Jobless Claims Hit New Pandemic Low, Drop to 473,000
The number of Americans filing new unemployment claims dropped to 473,000 last week as the economy continues to slowly recover from the coronavirus pandemic, according to the Department of Labor.
The Bureau of Labor and Statistics figure released Thursday represented a decrease in the number of new jobless claims compared to the week ending May 1, when 507,000 new jobless claims were reported. That number was revised up from the 498,000 jobless claims initially reported last week.
Economists expected Thursday’s jobless claims number to come in at 500,000, The Wall Street Journal reported.
“Employers are really clinging to their talent,” Jay Denton, chief analyst for labor-analytics company ThinkWhy, told the WSJ. “There’s a lot of demand there. We will start to see more hiring.”
Thursday’s figure represented the lowest level for initial jobless claims since March 14, 2020, when the Labor Department reported 256,000 new claims, according to the report.
Roughly 16.9 million Americans continue to collect unemployment benefits, according to the report.
The U.S. economy added just 266,000 jobs in April, far below projections, according to Labor Department report released last week. The White House and Democrats have said the economy is still recovering and that the dismal report proves the need for additional government spending.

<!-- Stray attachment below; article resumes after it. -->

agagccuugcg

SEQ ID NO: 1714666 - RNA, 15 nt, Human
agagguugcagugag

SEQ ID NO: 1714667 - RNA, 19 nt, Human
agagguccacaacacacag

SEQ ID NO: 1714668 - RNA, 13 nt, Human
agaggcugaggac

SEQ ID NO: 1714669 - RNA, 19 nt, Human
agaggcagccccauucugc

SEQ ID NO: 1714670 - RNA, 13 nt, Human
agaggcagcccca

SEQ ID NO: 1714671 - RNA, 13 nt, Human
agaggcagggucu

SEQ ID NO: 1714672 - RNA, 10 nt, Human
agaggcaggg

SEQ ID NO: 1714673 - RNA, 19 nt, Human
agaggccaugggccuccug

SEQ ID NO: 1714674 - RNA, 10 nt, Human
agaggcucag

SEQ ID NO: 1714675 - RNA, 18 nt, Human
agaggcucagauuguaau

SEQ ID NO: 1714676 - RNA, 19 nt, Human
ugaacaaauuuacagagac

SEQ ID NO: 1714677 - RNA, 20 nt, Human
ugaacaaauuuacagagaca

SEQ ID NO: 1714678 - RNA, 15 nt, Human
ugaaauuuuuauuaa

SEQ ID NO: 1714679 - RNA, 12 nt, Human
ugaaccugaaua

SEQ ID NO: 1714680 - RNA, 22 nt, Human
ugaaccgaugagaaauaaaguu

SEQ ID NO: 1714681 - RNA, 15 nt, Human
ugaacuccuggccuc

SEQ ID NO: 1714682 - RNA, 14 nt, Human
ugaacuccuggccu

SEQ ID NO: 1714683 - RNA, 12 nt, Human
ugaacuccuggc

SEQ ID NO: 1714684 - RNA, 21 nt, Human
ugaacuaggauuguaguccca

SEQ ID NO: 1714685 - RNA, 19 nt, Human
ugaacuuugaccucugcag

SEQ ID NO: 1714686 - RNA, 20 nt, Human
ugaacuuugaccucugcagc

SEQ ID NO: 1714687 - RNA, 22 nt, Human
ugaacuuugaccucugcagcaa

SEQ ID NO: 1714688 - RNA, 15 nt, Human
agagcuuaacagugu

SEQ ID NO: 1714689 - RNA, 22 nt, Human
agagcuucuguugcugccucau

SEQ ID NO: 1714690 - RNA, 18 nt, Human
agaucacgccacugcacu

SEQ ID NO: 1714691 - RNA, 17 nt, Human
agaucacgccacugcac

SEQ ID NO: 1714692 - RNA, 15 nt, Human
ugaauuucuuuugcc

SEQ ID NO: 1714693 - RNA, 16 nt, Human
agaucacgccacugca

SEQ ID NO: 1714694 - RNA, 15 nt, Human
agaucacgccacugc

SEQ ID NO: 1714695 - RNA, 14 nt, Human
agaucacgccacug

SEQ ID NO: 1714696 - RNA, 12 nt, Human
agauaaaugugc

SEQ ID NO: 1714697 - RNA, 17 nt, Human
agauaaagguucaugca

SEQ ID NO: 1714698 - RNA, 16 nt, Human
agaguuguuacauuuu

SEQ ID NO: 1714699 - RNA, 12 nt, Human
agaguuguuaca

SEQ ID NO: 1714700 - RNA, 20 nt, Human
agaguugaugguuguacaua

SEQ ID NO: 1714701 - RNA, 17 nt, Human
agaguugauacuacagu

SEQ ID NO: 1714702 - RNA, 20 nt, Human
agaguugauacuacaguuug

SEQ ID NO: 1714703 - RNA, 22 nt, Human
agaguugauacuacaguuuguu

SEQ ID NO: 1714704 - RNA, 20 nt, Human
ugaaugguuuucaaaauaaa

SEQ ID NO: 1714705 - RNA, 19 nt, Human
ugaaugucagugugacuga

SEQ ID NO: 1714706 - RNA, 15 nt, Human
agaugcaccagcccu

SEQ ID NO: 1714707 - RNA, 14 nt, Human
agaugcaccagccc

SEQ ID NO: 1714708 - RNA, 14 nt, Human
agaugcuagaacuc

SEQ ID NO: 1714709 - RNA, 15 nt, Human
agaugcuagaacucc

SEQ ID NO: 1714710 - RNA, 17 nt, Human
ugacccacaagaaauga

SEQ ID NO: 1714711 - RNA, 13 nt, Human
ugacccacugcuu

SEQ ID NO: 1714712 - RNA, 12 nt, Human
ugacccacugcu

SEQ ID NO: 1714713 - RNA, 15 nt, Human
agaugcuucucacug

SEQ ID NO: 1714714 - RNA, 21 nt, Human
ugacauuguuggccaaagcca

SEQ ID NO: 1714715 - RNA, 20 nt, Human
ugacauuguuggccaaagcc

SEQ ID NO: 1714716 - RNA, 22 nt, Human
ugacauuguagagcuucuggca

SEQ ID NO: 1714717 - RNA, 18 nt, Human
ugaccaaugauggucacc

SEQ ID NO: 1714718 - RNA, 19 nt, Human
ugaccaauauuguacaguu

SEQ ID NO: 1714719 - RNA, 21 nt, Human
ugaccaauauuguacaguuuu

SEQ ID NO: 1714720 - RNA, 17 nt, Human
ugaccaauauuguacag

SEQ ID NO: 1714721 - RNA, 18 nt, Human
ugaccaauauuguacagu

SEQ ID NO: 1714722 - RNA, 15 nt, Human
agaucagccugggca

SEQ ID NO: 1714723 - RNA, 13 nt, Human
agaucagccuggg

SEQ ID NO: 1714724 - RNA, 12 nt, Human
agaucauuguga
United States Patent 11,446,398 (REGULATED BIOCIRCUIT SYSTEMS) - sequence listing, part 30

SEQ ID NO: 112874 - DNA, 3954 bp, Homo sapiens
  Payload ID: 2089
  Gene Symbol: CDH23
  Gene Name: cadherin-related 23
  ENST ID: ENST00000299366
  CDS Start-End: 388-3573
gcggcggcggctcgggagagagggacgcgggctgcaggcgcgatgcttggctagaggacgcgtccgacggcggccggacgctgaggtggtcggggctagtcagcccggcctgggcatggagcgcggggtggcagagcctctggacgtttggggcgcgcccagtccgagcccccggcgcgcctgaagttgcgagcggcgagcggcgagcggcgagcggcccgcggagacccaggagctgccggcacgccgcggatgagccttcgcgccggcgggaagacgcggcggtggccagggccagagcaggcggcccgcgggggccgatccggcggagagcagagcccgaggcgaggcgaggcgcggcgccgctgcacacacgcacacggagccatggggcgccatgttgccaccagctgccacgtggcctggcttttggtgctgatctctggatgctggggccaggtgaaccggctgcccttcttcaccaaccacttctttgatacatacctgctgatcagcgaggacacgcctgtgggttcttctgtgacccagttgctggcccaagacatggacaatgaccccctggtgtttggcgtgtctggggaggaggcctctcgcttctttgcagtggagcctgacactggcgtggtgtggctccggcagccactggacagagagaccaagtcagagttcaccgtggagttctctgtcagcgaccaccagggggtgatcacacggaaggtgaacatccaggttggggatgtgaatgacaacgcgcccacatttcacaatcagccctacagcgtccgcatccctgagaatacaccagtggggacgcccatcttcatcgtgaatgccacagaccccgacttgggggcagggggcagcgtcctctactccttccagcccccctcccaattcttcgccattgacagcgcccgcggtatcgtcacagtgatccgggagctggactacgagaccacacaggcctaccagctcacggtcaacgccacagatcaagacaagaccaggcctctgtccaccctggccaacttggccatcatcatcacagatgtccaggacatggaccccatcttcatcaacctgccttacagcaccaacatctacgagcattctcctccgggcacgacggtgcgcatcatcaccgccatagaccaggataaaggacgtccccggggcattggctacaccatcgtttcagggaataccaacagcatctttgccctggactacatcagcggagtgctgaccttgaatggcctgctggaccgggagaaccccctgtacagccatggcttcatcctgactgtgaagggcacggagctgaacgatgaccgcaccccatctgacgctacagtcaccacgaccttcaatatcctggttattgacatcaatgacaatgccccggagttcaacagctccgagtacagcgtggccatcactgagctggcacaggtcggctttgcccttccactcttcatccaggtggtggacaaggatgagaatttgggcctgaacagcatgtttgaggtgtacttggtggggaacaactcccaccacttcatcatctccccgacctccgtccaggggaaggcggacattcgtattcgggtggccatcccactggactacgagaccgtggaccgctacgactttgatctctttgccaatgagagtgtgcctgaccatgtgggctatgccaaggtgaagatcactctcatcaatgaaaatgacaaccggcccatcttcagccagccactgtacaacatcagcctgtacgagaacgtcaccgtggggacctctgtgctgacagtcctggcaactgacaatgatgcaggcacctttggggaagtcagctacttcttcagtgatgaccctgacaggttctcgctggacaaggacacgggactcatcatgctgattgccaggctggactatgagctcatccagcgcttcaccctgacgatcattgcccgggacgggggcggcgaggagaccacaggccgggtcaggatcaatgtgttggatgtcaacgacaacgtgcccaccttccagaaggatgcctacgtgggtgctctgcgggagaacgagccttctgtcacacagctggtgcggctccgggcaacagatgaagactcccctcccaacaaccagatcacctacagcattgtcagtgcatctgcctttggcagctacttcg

Overall, the economy has added 1.5 million jobs since January, according to Department of Labor data. The economy grew 6.4% in the first quarter of 2021, another positive sign of economic recovery, the Commerce Department reported.
Republicans argued that the federal $300 weekly unemployment bonus implemented by Democrats’ $1.9 trillion stimulus package has incentivized out-of-work Americans not to look for jobs. Job vacancies hit a record 8.1 million at the end of March, according to a Labor Department report released Tuesday.
Several Republican-majority states including South Carolina, Montana and Alabama have announced their withdrawal from the federal unemployment program.
“Among other factors, increased unemployment assistance, which was meant to be a short-term relief program during emergency related shutdowns, is now contributing to a labor shortage that is compromising the continuation of our economic recovery,” Republican Alabama Gov. Kay Ivey said in a statement this week.
In April, consumer prices jumped 4.2%, the highest increase since September 2008, a sign that inflation is creeping up quickly.
Average coronavirus cases and deaths per million have declined since January, according to Centers for Disease Control and Prevention (CDC). On Wednesday, the U.S. reported 643 new coronavirus-related deaths and 34,291 new cases.
The U.S. has administered 265 million vaccinations, meaning 59% of the adult population has received at least one dose of a coronavirus vaccine, according to the CDC.
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